- Civil Society as a Postcolonial Project
- Challenging Normative Notions in Post-conflict Sub-Saharan Africa
- Book title
- Negotiating Normativity
- Book subtitle
- Postcolonial Appropriations, Contestations, and Transformations
- Pages (from-to)
- Cham: Springer
- ISBN (electronic)
- Document type
- Faculty of Social and Behavioural Sciences (FMG)
- Amsterdam Institute for Social Science Research (AISSR)
External or international efforts to establish peace and foster sustainable development in sub-Saharan Africa have been harshly critiqued for imposing “top-down” or culturally insensitive approaches to re-building these states. In response, there has been a burgeoning interest in the role and involvement of local civil society in peacebuilding and development processes among academics and practitioners alike. The “local turn” in peacebuilding and development research and practice notwithstanding, the accounts on the role, function, potential or activities of civil societies in peacebuilding processes seem to be largely detached from a considerable body of postcolonial literature that questions the appropriation of the concept of civil society in ‘non-Western’ environments. Against this backdrop, this chapter explores the consequences of applying a ‘Westernized’ and normative conception of civil society to sub-Saharan African post-conflict settings. It is divided into three main sections: The first part briefly discusses the term “civil society” as it emerged as an idea in ‘Western’ philosophy and the history of political thought. The second part sheds light on the utility of the concept of civil society in ‘non-Western’ contexts with a special focus on sub-Saharan Africa. The third part then addresses the adverse effects of normativity when it comes to approaching the concept of civil society in postcolonial and post-conflict equatorial Africa. The central argument will be that civil society in post-conflict sub-Saharan Africa has to be regarded as an empirical and not purely normative concept to enable local societies to come to terms with a colonial, postcolonial and conflict-shattered past.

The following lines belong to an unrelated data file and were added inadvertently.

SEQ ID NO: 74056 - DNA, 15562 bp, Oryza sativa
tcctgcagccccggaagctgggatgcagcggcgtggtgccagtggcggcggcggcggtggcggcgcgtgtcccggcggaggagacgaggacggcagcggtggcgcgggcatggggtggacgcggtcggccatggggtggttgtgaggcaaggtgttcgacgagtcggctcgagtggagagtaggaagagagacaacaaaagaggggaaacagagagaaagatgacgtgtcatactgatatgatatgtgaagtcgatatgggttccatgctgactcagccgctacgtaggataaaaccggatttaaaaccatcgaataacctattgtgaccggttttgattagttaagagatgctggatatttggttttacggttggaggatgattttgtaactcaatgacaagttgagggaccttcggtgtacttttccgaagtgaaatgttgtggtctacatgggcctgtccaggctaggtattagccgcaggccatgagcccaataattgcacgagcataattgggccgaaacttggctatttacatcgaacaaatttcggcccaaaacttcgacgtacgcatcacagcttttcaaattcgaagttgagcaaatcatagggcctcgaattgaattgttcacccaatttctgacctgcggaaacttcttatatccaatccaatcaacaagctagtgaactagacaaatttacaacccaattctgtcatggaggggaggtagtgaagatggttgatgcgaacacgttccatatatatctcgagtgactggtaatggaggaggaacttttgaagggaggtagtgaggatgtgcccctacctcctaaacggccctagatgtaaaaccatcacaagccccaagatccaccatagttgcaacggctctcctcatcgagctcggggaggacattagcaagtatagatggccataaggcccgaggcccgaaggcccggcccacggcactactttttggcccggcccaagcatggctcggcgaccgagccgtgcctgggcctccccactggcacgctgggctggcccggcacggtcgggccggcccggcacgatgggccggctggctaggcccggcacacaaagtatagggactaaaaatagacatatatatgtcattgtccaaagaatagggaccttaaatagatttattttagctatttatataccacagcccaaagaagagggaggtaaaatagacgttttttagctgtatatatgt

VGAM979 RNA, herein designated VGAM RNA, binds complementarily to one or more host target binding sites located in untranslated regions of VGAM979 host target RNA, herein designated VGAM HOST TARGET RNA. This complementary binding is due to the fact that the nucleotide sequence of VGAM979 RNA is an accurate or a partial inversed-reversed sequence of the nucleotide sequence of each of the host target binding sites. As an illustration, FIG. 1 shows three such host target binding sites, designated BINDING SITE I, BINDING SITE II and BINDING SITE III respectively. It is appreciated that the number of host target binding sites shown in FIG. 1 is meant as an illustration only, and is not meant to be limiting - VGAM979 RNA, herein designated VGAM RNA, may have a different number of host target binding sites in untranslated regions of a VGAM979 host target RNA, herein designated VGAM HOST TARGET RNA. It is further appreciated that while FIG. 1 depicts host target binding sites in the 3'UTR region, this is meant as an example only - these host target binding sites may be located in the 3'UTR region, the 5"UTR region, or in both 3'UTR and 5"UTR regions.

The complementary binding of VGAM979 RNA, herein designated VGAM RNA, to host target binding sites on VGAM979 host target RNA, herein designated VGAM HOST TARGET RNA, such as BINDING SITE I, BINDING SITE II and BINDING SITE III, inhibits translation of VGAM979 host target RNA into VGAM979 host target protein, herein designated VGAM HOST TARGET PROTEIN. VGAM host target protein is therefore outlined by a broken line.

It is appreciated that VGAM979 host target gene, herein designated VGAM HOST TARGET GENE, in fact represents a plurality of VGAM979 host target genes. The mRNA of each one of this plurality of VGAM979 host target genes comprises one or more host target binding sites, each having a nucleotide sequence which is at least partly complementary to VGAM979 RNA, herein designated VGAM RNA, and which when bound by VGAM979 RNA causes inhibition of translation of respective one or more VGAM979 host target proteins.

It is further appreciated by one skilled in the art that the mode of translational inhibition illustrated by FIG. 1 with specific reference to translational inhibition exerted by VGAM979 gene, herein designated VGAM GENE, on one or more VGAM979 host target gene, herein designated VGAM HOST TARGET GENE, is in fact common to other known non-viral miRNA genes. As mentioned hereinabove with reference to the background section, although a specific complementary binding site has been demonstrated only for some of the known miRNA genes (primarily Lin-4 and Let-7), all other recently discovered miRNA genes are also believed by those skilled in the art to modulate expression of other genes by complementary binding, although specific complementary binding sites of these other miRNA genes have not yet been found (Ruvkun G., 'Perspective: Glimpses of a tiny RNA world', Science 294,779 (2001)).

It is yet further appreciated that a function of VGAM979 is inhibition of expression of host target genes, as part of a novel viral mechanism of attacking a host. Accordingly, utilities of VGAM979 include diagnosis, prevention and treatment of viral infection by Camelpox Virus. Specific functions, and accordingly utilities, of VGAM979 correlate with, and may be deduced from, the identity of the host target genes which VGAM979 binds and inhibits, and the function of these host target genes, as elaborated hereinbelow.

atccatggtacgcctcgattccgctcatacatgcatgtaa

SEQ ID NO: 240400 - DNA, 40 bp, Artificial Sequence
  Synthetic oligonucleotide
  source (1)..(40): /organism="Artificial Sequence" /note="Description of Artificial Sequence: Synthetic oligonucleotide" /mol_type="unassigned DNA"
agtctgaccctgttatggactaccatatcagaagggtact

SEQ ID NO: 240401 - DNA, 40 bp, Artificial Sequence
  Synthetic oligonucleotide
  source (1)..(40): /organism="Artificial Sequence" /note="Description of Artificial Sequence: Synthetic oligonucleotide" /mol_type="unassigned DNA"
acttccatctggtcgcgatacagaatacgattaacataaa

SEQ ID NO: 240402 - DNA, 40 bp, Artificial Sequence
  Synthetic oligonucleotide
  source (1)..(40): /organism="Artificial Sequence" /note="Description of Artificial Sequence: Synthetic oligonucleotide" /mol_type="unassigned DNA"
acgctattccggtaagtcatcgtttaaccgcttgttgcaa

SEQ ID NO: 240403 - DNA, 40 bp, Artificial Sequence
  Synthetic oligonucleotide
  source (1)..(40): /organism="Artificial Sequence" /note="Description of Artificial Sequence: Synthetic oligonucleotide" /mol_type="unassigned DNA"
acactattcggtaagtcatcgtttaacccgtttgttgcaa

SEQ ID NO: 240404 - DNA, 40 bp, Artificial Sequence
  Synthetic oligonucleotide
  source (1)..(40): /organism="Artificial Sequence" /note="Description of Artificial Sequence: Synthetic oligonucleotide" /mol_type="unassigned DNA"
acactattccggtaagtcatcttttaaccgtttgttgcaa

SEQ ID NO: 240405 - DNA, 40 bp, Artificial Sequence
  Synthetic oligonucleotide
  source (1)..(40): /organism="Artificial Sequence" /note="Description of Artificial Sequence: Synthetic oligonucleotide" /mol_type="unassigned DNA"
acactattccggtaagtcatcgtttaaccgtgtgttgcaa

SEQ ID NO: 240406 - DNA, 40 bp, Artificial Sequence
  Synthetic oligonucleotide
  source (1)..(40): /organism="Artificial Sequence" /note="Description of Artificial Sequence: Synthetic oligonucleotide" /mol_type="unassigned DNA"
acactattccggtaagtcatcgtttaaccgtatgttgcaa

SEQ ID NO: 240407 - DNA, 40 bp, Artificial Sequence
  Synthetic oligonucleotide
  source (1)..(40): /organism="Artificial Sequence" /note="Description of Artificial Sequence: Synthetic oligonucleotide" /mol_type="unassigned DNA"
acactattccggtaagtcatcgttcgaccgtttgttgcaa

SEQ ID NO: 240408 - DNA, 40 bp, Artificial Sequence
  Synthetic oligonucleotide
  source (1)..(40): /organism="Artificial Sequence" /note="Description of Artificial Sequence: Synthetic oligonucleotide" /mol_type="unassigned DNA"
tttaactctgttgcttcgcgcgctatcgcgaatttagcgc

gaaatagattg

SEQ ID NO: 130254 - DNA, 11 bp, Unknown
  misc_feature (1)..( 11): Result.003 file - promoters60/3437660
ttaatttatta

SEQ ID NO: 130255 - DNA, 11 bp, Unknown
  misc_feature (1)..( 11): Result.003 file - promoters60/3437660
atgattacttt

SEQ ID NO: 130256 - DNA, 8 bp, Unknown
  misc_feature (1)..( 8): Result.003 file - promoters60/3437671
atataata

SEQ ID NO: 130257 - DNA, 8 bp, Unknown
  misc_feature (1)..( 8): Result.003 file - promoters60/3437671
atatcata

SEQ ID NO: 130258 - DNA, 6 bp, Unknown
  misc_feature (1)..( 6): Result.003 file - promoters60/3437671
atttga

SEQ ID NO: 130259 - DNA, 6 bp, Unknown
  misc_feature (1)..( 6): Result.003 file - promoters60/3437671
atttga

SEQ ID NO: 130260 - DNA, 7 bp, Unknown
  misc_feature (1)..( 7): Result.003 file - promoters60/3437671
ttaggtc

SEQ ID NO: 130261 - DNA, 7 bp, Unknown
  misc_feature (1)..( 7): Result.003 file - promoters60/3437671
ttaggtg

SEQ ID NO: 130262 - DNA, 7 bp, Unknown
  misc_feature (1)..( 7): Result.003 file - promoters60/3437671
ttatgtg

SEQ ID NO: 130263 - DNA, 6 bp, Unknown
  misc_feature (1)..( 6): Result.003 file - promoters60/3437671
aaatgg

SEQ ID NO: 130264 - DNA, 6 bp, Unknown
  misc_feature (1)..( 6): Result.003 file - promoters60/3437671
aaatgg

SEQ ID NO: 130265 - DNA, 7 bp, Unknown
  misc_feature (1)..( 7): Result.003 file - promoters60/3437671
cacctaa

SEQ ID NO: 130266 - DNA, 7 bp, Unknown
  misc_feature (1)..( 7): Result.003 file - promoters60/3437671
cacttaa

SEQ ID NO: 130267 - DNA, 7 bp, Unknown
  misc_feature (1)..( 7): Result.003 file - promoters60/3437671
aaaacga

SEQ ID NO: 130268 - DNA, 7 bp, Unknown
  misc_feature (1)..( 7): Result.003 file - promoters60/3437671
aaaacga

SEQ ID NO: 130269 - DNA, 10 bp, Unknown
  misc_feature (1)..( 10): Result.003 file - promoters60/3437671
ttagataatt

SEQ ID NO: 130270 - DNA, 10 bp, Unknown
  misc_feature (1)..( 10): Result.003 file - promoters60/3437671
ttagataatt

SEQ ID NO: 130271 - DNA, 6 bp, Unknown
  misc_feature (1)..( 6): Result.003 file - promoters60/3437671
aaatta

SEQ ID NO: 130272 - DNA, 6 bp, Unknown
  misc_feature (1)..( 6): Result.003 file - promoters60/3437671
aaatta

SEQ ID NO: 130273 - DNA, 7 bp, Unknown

Acknowledging that sub-Saharan Africa is a colonial construct of geographic and cultural borders, dividing ‘black’ Africa from the rest, the term sub-Saharan Africa will be used in reference to the current geographical borders, drawn by former European colonies in the south of the Sahara only. This excludes all North African countries from Morocco to Egypt. Likewise South Africa is disregarded given its distinct history (cf. Chabal and Daloz 1999). The same applies to Ethiopia, Eritrea, Somalia and Northern Sudan.
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